ASTRO 2023 Session shines spotlight on physician burnout
Embargoed Sylvester Comprehensive Cancer Center ASTRO 2023 Tip Sheet
University of Cincinnati radiation oncology experts present at national conference
MD Anderson Research Highlights: ASTRO 2023 Special Edition
University of Virginia team’s research offers hope for pulmonary fibrosis patients
Department of Energy funds new center for decarbonization of steelmaking
New criteria to assess progression in glioma aims to speed discovery of new medicines
NPS team makes key breakthrough on path to electric aircraft propulsion
Berkeley Lab awarded two new centers to counter climate change
Stanford researchers unveil new material infused with gold in an exotic chemical state
Research Highlights for September 2023
JMIR Publications places No, 348 on The Globe and Mail's annual ranking of Canada's Top Growing Companies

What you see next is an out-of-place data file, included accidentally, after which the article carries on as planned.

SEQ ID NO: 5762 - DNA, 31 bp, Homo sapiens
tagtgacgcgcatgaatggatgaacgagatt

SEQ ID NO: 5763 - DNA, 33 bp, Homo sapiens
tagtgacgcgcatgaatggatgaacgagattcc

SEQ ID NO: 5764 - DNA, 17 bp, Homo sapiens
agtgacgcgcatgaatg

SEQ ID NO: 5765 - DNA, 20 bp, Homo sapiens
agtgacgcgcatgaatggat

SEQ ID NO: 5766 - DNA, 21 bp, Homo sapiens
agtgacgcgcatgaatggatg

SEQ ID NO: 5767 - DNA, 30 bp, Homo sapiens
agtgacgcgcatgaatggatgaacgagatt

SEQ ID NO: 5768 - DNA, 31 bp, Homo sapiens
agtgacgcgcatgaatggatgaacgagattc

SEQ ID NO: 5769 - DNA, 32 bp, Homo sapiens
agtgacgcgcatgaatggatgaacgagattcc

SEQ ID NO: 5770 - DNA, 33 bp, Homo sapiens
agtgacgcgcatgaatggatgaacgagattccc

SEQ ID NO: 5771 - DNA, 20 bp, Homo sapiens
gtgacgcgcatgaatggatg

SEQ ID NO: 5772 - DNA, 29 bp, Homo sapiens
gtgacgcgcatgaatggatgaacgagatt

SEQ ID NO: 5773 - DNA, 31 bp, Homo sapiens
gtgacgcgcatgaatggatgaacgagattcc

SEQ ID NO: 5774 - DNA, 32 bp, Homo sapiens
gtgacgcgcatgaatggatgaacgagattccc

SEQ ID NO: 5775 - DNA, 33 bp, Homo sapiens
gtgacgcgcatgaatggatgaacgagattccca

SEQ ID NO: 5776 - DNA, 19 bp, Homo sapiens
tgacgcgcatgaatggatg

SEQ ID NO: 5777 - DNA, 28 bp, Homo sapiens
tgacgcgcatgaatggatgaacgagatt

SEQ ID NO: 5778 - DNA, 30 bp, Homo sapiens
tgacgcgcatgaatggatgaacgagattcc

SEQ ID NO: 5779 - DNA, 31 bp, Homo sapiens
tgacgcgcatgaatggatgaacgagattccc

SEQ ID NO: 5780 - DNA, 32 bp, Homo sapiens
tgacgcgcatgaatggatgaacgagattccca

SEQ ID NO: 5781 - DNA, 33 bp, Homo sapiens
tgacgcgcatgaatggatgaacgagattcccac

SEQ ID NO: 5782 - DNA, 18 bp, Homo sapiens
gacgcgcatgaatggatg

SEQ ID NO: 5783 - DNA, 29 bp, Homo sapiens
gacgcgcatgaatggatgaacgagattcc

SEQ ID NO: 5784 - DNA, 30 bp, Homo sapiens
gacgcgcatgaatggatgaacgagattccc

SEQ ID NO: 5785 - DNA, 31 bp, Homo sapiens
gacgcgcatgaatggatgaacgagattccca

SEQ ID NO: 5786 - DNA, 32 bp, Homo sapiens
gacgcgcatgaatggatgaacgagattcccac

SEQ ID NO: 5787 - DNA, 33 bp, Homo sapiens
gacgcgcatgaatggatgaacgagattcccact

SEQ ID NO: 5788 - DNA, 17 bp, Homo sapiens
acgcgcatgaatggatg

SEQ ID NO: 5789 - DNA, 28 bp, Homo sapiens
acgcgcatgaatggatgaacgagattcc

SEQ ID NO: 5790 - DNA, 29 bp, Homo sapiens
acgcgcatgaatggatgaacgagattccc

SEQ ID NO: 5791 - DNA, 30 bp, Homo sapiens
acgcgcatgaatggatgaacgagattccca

Argonne National Laboratory launches South Side STEM Opportunity Landscape Project at DuSable Black History Museum and Education Center
Allergy study on 'wild' mice challenges the hygiene hypothesis
Ancient plant wax reveals how global warming affects methane in Arctic lakes
Atopic dermatitis: Viruses discovered as new therapy option
Larger lymph node threshold optimizes nasopharyngeal carcinoma outcomes
BPS celebrates Max Planck-Humboldt medal awardee Kandice Tanner
Cleveland Clinic researchers develop new model for prioritizing lung transplant candidates
American Academy of Arts and Sciences to induct UVA's Garcia-Blanco
Illinois-led team puts cows and microbes to work to reduce greenhouse gases
DOE announces $264 million for basic research in support of Energy Earthshots™
New drug a breakthrough for brain tumor that strikes young people: NEJM editorial
Genome study reveals 30 years of Darwin’s finch evolution
Ghent University’s research team envisions a bright future with active machine learning in chemical engineering[Press-News.org] Corning® launches Videodrop, revolutionizing real-time nanoparticle detection and analysis
New optical technology aims to expedite and enhance the development of viral vectors and gene therapies